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By Jeff White

CHARLOTTESVILLE – If he’s not the most talented player on the University of Virginia football team, he’s on the short list. He made the all-ACC second team as a sophomore last year and was the only Cavalier named to the preseason all-ACC team last month.

But cornerback Ras-I Dowling, his distinctive given name notwithstanding, has kept a low profile since enrolling at UVa. He plays a position often associated with players whose confidence borders on – and occasionally crosses into – cockiness, but comes across as a soft-spoken and unassuming. No Deion Sanders is he.

“I’m all about the team,” Dowling said after practice this afternoon, “not really about myself.”

A few minutes earlier, Al Groh had stopped to talk about Dowling, a potential star at a position where UVa has struggled to produce playmakers in recent years.

“He’s not a brash guy,” Groh said, “but as his skills develop and he can see that he’s able to handle a lot of different deals, his picture of what he can become is getting bigger and clearer, and so that’s given him the confidence. With him, it’s more a confidence of, ‘If I really aim high I’ve got a chance to get there,’ rather than the type of confidence where he says, ‘I’m The Man.'”

Virginia’s projected starters at cornerback – fifth-year senior Chris Cook and Dowling – might be the ACC’s top tandem. They’re definitely among the league’s biggest.

Cook is listed at 6-2, 210 pounds; Dowling, at 6-2, 200. That’s part of what makes Dowling special, according to Groh, who cited such former NFL greats as Rod Woodson, Mike Haynes and Willie Brown.

“I wouldn’t compare him to Hall of Fame corners, but those are guys who were able to go beyond being good and distinguish themselves as being really superior,” Groh said.

“They have size to go with athletic ability … He’s got that multiplicity to his game.”

A graduate of Deep Creek High in Chesapeake, Dowling spent the 2006-07 academic year at Hargrave Military Academy. As a true freshman in 2007, he played in the Wahoos’ final 12 games and led the team with nine pass break-ups. He also had two interceptions to tie for the team lead.

As a sophomore, Dowling led UVa in both categories, breaking up 11 passes and picking off three. He also had five tackles for loss. Two of his interceptions came at Duke, where he also made a career-high eight tackles despite missing a significant portion of the game with cramps.

“He’s got a sense of where the ball’s going,” Groh said. “Some guys, they’ve just got a sense for it. Like in basketball, some guys just get steals. They just have a sense of how to play the passing lanes.”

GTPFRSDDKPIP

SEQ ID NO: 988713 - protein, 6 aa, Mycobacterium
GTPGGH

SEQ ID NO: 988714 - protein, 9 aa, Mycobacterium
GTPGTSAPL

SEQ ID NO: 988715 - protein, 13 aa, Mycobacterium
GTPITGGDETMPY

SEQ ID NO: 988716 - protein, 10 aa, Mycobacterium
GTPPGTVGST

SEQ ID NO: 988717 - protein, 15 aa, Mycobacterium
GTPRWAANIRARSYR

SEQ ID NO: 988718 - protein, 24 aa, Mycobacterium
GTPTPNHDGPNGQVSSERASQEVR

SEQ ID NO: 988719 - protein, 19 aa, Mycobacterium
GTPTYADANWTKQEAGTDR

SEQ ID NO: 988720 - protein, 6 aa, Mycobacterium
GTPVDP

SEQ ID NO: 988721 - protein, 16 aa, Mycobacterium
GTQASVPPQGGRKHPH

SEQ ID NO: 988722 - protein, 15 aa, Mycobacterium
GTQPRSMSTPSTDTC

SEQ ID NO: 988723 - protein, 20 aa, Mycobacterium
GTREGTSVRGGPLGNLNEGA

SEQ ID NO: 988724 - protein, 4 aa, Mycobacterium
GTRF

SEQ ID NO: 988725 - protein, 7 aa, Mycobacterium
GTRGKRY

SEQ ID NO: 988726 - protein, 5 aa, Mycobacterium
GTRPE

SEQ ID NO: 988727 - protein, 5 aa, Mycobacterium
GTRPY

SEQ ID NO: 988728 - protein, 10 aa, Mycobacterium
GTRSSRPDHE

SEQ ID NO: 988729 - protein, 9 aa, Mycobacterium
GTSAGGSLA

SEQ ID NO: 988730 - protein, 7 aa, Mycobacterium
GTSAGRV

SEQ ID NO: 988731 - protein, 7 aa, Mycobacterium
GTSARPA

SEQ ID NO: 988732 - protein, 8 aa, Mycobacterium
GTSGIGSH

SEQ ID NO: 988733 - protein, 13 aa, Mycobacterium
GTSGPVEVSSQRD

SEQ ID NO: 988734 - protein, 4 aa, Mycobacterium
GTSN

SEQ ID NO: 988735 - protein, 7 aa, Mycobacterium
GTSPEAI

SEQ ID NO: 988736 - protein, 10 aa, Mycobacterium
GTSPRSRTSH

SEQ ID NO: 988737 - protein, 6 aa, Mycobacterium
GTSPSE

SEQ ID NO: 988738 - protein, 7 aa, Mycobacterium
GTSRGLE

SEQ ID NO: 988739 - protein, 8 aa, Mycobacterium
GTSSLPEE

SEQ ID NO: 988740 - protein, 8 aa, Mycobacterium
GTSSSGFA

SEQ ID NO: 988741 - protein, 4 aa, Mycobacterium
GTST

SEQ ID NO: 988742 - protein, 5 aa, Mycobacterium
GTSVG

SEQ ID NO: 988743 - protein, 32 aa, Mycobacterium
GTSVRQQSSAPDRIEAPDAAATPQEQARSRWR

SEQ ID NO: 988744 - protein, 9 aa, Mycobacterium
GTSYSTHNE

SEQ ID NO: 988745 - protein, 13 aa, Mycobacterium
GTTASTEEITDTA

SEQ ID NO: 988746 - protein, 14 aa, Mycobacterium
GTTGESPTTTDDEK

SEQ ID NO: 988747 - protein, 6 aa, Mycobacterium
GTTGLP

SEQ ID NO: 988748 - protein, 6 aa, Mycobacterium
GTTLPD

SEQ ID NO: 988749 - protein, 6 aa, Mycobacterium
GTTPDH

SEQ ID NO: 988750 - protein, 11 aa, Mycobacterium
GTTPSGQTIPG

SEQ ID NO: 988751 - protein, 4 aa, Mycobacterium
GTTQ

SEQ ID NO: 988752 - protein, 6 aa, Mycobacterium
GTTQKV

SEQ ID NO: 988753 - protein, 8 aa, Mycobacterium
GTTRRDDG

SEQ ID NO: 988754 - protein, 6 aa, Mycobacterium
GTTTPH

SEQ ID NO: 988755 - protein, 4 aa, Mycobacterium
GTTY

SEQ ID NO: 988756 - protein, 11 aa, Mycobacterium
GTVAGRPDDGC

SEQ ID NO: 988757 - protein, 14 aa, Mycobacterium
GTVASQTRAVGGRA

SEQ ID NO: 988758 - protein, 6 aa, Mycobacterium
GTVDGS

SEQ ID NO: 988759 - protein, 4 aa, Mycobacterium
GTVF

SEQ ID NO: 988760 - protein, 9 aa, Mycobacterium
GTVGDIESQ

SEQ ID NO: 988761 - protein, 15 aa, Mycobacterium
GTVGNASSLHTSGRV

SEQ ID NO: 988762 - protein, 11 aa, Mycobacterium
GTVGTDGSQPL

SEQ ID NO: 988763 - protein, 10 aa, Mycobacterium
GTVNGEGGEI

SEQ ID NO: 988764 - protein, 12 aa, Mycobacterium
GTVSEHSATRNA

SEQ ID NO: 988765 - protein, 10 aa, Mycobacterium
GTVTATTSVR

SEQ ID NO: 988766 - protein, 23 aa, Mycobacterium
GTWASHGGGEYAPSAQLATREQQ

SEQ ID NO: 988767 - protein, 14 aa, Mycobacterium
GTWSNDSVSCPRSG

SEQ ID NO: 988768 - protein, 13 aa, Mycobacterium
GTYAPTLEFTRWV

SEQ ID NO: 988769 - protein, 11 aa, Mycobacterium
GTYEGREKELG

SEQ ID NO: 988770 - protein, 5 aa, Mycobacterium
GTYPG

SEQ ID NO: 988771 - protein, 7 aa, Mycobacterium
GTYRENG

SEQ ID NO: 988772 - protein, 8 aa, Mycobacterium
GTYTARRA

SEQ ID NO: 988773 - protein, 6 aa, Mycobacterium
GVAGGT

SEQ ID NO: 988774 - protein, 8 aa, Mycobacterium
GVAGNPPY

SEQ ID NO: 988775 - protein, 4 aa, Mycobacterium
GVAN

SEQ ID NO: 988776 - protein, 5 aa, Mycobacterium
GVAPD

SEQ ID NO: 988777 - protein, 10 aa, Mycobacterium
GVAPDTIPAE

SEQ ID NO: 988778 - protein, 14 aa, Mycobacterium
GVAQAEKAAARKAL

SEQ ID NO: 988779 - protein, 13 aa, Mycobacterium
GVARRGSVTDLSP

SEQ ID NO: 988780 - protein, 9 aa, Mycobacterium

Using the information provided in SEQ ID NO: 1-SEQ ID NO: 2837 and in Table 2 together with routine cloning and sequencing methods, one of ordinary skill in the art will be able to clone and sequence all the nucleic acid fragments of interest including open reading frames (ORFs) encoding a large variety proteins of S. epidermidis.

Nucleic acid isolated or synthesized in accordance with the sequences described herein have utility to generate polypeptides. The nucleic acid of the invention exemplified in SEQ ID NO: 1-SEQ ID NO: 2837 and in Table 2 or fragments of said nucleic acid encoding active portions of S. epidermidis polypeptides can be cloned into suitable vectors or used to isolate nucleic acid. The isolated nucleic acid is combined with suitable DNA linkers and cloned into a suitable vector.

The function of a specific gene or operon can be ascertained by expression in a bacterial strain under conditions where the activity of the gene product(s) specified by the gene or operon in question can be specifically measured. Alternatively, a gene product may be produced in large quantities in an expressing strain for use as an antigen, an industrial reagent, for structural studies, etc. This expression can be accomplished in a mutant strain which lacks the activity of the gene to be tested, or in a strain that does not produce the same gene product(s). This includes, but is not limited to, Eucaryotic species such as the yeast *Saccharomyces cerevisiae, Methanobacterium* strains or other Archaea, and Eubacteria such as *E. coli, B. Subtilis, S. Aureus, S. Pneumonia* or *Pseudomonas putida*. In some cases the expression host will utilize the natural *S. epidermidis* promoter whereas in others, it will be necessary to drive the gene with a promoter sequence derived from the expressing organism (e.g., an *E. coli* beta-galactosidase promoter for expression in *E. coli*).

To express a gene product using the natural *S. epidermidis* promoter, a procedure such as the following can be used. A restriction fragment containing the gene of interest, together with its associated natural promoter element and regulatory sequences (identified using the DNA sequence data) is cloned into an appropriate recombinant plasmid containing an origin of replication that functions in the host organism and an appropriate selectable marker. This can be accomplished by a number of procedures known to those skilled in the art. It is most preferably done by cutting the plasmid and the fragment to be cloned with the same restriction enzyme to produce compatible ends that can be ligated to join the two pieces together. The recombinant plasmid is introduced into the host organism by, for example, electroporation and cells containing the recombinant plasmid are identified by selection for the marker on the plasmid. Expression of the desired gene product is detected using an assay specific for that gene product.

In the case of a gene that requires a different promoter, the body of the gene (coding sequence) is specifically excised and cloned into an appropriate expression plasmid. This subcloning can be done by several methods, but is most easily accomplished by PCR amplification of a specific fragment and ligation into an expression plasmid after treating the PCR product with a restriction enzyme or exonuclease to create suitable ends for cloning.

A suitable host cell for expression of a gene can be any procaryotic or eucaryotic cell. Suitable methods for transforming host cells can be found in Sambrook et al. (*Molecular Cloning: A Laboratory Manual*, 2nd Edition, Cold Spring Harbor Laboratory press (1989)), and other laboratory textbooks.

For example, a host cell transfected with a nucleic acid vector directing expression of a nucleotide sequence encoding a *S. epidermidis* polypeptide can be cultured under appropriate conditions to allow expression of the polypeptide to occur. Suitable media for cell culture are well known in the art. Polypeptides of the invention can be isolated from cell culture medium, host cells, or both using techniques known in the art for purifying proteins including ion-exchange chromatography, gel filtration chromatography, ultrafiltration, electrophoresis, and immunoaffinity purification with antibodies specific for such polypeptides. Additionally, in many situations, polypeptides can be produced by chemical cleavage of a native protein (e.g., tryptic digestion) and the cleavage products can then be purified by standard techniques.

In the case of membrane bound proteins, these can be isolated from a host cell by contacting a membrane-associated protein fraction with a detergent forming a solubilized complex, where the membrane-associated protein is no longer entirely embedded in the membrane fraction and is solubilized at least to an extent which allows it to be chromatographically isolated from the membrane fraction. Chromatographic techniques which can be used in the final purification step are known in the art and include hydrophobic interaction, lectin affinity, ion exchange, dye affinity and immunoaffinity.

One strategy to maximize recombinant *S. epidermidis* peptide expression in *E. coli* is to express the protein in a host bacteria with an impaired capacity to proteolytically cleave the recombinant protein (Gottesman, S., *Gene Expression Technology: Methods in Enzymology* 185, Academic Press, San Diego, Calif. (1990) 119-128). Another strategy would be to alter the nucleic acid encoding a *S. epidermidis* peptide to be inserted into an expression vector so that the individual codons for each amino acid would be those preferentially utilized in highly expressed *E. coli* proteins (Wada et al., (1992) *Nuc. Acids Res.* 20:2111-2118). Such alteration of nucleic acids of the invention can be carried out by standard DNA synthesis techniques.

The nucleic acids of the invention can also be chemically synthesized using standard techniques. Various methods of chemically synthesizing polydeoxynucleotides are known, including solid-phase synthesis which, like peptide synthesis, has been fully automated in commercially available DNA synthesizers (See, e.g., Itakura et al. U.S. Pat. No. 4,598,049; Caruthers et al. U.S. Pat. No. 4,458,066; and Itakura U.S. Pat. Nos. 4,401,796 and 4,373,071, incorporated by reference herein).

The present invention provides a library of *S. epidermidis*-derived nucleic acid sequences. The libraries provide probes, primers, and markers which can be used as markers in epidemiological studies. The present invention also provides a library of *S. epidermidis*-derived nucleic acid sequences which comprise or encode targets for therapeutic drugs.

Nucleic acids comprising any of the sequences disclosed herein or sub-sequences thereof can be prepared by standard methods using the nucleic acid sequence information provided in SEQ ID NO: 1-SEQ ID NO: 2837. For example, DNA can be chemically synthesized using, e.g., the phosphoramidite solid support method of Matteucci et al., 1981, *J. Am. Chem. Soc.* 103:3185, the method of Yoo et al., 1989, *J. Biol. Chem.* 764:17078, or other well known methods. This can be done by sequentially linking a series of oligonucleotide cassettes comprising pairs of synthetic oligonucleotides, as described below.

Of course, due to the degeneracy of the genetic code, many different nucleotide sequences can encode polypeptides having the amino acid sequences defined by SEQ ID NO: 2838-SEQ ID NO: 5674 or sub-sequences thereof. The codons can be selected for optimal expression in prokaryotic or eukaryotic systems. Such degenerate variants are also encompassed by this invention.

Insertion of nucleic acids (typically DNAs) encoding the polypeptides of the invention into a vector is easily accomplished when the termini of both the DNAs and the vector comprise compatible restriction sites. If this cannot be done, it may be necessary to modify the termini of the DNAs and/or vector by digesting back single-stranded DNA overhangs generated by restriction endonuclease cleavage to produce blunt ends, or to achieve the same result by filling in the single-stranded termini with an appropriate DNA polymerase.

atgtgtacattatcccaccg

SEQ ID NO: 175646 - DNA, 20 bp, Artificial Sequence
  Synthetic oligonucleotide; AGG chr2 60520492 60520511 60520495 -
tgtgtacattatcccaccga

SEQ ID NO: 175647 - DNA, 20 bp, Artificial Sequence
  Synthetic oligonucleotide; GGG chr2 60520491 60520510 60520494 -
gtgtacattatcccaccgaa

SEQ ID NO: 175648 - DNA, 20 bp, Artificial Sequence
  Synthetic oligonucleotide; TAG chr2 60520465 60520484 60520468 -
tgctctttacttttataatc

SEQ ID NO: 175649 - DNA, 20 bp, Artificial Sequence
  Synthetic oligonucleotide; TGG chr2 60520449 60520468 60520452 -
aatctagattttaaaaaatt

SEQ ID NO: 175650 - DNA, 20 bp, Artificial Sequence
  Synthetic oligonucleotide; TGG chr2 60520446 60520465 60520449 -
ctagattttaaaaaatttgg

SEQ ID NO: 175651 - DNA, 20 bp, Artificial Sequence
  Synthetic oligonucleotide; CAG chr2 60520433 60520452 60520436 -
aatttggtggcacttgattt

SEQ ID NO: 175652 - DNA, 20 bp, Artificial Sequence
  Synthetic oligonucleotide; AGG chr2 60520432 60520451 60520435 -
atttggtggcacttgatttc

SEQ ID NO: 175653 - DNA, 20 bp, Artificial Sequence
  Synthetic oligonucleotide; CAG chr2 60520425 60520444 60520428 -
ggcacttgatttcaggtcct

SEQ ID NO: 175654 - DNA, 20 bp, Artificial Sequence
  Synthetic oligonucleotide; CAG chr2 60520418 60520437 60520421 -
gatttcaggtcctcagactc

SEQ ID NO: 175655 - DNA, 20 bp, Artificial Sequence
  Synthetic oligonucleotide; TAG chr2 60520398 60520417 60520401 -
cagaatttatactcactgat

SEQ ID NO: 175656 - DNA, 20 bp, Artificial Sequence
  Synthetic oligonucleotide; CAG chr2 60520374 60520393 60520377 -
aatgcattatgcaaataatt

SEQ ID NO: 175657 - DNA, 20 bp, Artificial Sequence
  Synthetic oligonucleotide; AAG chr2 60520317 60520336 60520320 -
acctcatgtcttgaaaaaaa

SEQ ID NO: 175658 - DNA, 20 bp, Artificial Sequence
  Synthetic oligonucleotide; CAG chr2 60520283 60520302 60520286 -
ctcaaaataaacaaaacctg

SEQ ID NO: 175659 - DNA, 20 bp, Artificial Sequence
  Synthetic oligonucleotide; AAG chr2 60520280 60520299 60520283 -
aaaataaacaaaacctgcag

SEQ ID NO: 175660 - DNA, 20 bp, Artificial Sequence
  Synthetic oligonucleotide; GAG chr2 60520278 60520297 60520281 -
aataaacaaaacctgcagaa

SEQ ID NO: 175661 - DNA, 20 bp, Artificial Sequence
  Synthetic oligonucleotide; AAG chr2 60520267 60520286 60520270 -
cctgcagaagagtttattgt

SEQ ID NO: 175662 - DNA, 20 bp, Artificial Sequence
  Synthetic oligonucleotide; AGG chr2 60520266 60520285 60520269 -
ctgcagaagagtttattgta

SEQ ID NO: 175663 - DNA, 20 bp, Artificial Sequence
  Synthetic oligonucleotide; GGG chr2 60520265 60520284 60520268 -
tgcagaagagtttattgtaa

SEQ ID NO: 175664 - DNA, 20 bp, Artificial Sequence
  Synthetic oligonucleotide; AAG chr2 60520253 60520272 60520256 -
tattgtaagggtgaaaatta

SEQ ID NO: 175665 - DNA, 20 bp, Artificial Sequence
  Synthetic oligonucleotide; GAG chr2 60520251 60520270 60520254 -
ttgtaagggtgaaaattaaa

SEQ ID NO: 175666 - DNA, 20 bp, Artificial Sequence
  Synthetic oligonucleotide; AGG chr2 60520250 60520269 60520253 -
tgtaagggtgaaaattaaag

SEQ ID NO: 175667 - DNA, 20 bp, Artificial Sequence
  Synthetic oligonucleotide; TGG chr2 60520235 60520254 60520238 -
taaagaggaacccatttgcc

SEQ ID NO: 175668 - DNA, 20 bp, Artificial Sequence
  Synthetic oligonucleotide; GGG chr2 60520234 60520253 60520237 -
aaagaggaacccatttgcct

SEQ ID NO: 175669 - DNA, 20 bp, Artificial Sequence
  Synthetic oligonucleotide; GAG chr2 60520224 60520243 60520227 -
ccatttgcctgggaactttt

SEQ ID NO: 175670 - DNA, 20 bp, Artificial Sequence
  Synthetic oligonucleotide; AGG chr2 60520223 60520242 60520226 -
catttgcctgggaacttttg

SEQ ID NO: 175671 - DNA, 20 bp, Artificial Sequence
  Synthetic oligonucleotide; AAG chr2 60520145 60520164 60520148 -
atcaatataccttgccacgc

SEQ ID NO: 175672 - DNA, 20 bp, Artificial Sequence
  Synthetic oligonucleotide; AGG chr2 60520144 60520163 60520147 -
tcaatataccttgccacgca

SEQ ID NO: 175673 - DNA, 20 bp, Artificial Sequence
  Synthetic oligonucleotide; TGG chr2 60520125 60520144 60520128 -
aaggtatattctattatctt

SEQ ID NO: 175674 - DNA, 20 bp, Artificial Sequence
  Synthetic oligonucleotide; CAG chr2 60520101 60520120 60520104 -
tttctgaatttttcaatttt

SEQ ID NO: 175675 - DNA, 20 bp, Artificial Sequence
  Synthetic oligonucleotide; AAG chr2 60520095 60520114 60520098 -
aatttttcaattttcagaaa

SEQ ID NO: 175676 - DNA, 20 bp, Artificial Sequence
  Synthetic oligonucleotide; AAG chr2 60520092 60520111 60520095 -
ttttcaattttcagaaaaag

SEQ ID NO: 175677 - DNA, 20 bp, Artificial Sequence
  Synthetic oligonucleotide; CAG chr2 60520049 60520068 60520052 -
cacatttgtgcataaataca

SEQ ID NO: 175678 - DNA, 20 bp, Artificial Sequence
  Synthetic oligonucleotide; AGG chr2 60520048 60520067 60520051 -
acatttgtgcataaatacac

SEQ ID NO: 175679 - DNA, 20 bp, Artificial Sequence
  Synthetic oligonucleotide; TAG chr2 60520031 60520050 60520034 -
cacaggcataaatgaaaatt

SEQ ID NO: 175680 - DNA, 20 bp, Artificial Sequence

So, how can Dowling elevate his game this season?

“Well,” Groh said, “one thing is to stay out there all year, which he didn’t and which dramatically affected him last year.”

A hamstring injury slowed Dowling during training camp, and he missed the opener against Southern California. He cramped up at Duke and, three weeks later, hurt his back against North Carolina.

“It is frustrating when you’re not playing,” Dowling said, “because you practice all year-round to get ready for the games.”

Could those health problems have been avoided? Maybe so, Dowling said, if he’d kept himself more hydrated and taken better care of his body. To that end, he met with Rob Skinner, UVa’s director of sports nutrition, and set up a plan that has Dowling eating better.

Groh said he’s seen other changes in No. 19, including increased self-confidence.

“Part of it is just the maturity of the player, but in his particular case it’s also a demonstrated performance to go with that maturity,” Groh said. “It really started in the spring when his work became purposefulness or every play, and he was really outstanding in the summer program.”

Dowling said: “I’m playing with more urgency now, playing hard and not taking stuff for granted. Not coming out here lazy and not wanting to practice. I come here and practice hard every day.”

Cornerback might be the Cavaliers’ deepest position. New secondary coach Anthony Poindexter’s options at that spot include Chase Minnifield, Mike Parker, Dom Joseph and, of course, all-ACC candidates Cook and Dowling.

“We’re just trying to make the team better,” Dowling said when asked about the duo’s goals. “If both of us make plays, then that’ll make the team better.”

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